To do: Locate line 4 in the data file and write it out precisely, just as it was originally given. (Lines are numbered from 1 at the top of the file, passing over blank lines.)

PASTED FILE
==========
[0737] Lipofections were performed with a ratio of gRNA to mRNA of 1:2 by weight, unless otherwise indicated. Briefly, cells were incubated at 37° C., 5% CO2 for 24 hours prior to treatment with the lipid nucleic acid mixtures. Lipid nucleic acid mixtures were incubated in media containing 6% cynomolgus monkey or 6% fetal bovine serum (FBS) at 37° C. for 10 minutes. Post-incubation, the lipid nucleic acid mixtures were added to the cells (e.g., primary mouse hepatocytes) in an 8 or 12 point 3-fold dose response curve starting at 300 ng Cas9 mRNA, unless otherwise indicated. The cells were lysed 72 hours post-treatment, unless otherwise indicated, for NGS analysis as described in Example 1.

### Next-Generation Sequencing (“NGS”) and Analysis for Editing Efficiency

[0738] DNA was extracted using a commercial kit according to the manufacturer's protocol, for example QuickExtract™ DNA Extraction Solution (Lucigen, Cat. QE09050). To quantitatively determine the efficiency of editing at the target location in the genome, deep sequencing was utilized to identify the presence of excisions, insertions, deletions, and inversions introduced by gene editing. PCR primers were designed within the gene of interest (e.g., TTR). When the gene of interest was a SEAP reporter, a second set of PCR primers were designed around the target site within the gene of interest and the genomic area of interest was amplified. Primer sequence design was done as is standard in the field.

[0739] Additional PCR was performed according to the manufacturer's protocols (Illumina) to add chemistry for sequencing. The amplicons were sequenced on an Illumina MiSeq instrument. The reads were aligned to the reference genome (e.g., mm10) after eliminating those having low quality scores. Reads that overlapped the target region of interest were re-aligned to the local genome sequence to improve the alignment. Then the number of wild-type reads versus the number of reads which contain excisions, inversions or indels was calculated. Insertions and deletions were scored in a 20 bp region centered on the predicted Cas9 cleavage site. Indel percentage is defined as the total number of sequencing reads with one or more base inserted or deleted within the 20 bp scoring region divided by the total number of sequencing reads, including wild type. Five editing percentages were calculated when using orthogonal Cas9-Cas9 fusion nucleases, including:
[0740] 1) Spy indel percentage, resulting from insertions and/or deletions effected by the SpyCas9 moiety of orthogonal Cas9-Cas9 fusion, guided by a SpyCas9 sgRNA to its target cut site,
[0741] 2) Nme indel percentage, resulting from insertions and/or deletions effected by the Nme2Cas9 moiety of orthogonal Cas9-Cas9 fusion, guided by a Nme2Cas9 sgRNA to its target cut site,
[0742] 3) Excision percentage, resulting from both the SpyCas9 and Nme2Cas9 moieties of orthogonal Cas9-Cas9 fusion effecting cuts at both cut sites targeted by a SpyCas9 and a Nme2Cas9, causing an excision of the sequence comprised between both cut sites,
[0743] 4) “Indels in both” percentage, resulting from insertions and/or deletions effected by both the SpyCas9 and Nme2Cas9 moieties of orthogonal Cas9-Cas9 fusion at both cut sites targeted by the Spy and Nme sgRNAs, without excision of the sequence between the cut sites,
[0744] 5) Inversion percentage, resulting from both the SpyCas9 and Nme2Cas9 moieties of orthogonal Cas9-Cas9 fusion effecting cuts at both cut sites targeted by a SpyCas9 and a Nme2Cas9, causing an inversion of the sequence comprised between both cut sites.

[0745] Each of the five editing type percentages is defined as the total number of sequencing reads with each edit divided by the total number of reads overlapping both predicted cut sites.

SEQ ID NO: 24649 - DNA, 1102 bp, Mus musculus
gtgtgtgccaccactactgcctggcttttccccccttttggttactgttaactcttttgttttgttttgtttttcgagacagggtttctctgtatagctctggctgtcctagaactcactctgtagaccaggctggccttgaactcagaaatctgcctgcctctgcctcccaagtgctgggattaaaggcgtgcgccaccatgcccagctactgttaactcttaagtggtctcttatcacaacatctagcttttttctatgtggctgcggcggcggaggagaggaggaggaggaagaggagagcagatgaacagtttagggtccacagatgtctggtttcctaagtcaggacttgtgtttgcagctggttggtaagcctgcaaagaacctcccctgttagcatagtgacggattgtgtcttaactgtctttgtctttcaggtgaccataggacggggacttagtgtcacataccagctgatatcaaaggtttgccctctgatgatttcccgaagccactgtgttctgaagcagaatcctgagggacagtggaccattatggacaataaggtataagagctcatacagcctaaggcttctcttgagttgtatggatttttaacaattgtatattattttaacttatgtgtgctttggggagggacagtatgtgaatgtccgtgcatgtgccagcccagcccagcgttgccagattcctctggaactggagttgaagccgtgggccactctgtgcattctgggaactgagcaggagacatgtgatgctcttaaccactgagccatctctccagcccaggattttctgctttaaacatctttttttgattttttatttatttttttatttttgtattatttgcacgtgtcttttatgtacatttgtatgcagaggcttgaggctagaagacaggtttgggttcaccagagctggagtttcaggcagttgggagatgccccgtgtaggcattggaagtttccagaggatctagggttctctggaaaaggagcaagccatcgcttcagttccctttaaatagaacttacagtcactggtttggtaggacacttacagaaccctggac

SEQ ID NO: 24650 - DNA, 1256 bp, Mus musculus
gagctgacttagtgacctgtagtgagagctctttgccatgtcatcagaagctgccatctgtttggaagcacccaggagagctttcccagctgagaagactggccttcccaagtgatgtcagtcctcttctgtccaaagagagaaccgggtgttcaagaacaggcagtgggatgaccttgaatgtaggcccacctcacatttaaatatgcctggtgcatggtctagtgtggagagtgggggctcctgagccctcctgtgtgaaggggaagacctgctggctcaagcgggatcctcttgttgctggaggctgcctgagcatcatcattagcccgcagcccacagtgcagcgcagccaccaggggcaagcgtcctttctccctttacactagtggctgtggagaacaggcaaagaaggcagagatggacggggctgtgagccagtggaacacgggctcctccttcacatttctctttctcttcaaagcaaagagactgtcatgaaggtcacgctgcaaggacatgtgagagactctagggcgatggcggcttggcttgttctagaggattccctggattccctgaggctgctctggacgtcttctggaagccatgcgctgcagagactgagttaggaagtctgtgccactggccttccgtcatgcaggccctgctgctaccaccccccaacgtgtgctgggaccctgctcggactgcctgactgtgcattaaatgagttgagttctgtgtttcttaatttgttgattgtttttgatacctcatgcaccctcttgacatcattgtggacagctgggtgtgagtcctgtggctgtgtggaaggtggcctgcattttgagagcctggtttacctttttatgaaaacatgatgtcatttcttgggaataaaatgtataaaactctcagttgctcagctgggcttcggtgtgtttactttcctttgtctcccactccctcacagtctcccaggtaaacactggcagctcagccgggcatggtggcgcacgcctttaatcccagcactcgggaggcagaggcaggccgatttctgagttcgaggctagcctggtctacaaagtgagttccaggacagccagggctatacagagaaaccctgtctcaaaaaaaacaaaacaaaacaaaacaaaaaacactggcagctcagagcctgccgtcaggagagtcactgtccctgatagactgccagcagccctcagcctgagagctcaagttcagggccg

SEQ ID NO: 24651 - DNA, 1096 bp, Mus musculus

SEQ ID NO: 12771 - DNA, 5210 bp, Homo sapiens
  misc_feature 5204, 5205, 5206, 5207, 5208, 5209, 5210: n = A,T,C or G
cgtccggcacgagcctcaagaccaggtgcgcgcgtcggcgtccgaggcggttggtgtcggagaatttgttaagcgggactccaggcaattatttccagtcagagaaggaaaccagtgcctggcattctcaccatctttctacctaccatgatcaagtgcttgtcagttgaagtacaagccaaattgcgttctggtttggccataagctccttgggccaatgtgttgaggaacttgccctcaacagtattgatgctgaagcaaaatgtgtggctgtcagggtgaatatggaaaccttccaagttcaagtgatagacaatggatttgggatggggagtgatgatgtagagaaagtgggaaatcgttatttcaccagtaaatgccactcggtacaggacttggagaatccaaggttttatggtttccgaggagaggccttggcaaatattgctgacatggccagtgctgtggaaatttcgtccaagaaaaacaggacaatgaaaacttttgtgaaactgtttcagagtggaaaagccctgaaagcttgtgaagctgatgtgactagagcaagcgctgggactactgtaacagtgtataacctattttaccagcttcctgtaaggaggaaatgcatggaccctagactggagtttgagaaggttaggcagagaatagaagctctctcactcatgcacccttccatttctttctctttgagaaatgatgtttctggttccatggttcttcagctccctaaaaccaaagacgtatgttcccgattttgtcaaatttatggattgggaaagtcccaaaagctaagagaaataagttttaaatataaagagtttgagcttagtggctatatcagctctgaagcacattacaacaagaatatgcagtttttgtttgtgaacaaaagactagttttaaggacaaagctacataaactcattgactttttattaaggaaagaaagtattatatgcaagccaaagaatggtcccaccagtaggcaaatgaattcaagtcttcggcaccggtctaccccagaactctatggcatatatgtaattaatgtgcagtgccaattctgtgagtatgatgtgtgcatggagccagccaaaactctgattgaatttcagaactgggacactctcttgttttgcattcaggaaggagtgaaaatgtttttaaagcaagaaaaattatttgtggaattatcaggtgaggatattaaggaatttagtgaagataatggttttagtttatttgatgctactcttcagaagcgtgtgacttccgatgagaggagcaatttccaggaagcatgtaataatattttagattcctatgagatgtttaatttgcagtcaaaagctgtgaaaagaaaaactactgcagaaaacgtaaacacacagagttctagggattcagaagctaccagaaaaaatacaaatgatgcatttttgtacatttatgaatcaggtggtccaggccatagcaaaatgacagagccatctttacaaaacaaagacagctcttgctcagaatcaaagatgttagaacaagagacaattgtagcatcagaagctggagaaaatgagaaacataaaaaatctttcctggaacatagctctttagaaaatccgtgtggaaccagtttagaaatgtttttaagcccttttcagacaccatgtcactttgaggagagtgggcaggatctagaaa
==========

[0739] Additional PCR was performed according to the manufacturer's protocols (Illumina) to add chemistry for sequencing. The amplicons were sequenced on an Illumina MiSeq instrument. The reads were aligned to the reference genome (e.g., mm10) after eliminating those having low quality scores. Reads that overlapped the target region of interest were re-aligned to the local genome sequence to improve the alignment. Then the number of wild-type reads versus the number of reads which contain excisions, inversions or indels was calculated. Insertions and deletions were scored in a 20 bp region centered on the predicted Cas9 cleavage site. Indel percentage is defined as the total number of sequencing reads with one or more base inserted or deleted within the 20 bp scoring region divided by the total number of sequencing reads, including wild type. Five editing percentages were calculated when using orthogonal Cas9-Cas9 fusion nucleases, including: